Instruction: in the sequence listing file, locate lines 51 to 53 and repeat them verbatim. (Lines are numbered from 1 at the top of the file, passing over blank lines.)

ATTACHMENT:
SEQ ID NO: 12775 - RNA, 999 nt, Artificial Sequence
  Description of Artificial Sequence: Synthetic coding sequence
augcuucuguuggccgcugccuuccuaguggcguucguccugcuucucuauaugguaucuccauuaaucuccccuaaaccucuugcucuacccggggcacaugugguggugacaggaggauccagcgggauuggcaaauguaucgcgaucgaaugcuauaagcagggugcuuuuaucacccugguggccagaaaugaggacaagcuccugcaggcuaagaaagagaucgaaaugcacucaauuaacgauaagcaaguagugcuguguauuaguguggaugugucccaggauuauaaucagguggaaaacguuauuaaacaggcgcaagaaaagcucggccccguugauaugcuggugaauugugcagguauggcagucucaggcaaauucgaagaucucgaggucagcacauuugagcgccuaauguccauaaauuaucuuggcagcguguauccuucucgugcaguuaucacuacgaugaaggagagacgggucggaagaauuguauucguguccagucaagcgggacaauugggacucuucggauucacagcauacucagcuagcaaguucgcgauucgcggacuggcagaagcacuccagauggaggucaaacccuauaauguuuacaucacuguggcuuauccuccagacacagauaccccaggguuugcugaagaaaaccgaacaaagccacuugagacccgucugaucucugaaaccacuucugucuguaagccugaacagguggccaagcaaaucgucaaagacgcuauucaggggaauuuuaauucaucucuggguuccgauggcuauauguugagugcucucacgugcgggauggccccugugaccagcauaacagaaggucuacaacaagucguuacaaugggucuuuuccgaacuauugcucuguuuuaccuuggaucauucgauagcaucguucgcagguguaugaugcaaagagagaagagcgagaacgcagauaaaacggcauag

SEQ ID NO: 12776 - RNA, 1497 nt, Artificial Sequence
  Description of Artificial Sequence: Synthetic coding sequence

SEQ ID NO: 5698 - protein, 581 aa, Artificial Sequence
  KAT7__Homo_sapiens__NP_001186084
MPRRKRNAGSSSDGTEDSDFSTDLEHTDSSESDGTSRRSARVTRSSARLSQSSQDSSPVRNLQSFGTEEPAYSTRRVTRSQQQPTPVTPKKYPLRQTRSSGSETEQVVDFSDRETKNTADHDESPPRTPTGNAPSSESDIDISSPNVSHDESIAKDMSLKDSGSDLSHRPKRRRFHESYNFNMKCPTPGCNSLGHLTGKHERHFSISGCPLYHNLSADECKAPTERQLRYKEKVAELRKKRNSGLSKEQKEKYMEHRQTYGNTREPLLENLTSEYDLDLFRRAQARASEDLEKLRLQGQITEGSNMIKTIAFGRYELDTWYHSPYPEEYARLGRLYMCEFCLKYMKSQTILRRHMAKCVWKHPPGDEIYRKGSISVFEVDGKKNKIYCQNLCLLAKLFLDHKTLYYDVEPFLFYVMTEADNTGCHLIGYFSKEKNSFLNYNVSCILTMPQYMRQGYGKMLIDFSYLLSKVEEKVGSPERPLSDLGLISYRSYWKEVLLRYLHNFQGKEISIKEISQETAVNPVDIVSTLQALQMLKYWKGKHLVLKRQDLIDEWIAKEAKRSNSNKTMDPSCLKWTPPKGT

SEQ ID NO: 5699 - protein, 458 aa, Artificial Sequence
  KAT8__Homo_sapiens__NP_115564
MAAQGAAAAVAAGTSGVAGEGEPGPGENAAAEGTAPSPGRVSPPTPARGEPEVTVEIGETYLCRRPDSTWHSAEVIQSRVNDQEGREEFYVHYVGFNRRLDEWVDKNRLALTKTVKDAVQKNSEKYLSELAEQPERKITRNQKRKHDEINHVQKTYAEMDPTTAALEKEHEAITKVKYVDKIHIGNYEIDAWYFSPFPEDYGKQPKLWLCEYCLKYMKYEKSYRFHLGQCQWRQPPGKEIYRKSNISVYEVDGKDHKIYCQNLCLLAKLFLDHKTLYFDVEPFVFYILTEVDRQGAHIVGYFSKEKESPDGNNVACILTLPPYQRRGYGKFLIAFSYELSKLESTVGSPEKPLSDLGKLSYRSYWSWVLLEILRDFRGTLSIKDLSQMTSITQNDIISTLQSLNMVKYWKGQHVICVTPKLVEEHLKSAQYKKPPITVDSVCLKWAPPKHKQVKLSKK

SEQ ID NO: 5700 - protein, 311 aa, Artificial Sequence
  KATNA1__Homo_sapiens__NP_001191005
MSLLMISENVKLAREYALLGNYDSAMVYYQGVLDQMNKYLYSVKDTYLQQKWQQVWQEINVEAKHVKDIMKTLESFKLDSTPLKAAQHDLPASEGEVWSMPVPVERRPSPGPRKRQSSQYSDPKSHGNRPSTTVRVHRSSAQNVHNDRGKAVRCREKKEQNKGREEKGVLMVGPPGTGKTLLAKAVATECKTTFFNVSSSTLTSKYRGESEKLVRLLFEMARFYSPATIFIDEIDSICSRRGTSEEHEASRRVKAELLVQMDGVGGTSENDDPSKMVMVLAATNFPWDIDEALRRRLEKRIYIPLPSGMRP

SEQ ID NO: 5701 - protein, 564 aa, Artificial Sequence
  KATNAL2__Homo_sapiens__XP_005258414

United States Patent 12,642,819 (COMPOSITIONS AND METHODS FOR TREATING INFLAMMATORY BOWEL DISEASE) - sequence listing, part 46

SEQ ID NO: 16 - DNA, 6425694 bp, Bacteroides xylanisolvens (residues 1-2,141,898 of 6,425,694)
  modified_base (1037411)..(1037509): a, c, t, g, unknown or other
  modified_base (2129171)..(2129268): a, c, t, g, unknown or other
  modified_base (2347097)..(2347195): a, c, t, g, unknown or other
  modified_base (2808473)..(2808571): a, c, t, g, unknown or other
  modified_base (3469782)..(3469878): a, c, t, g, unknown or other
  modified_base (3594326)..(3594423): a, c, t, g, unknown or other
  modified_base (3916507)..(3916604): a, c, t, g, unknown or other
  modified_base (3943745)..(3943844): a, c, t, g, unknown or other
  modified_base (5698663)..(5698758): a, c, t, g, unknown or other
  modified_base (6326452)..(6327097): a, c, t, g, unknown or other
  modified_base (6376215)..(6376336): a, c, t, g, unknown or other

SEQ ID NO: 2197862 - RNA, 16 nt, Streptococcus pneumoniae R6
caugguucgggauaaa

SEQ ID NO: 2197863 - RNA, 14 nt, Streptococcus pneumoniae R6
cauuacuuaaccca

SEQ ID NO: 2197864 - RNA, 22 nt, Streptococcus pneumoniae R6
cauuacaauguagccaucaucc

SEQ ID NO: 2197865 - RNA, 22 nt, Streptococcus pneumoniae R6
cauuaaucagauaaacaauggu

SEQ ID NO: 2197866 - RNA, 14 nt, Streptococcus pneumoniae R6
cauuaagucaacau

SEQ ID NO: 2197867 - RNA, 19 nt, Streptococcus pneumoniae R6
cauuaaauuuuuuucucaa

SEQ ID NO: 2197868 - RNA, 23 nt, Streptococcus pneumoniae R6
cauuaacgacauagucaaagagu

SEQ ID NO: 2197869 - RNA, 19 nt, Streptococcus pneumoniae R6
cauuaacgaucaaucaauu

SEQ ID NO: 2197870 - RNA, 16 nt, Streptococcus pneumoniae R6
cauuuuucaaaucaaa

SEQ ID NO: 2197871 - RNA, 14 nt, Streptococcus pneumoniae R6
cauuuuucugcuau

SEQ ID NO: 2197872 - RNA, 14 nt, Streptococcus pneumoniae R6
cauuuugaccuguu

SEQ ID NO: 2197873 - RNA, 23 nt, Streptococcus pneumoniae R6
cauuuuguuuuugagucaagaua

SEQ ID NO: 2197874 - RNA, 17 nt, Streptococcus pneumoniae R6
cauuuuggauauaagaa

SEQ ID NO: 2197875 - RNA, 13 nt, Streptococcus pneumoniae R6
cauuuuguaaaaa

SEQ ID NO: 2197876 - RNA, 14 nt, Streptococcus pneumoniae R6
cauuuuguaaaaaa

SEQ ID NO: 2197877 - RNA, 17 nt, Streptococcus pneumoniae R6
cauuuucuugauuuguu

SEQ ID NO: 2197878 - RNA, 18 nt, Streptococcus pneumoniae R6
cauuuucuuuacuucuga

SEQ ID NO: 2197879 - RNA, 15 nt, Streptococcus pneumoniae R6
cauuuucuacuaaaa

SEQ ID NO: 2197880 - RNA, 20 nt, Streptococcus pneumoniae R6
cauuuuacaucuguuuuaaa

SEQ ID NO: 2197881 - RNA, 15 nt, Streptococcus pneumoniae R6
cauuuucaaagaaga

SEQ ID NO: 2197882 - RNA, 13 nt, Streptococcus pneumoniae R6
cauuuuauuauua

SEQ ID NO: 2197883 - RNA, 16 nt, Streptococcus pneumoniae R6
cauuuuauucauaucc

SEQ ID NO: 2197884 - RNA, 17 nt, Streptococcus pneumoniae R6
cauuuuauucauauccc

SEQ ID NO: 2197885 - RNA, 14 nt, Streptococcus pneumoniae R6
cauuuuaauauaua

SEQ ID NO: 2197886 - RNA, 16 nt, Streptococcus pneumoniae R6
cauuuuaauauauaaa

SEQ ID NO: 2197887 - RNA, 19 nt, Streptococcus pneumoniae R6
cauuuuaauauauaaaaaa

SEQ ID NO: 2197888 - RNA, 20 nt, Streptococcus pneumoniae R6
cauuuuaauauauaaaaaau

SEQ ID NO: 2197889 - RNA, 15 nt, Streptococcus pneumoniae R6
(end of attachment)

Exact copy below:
cauuuugaccuguu

SEQ ID NO: 2197873 - RNA, 23 nt, Streptococcus pneumoniae R6
cauuuuguuuuugagucaagaua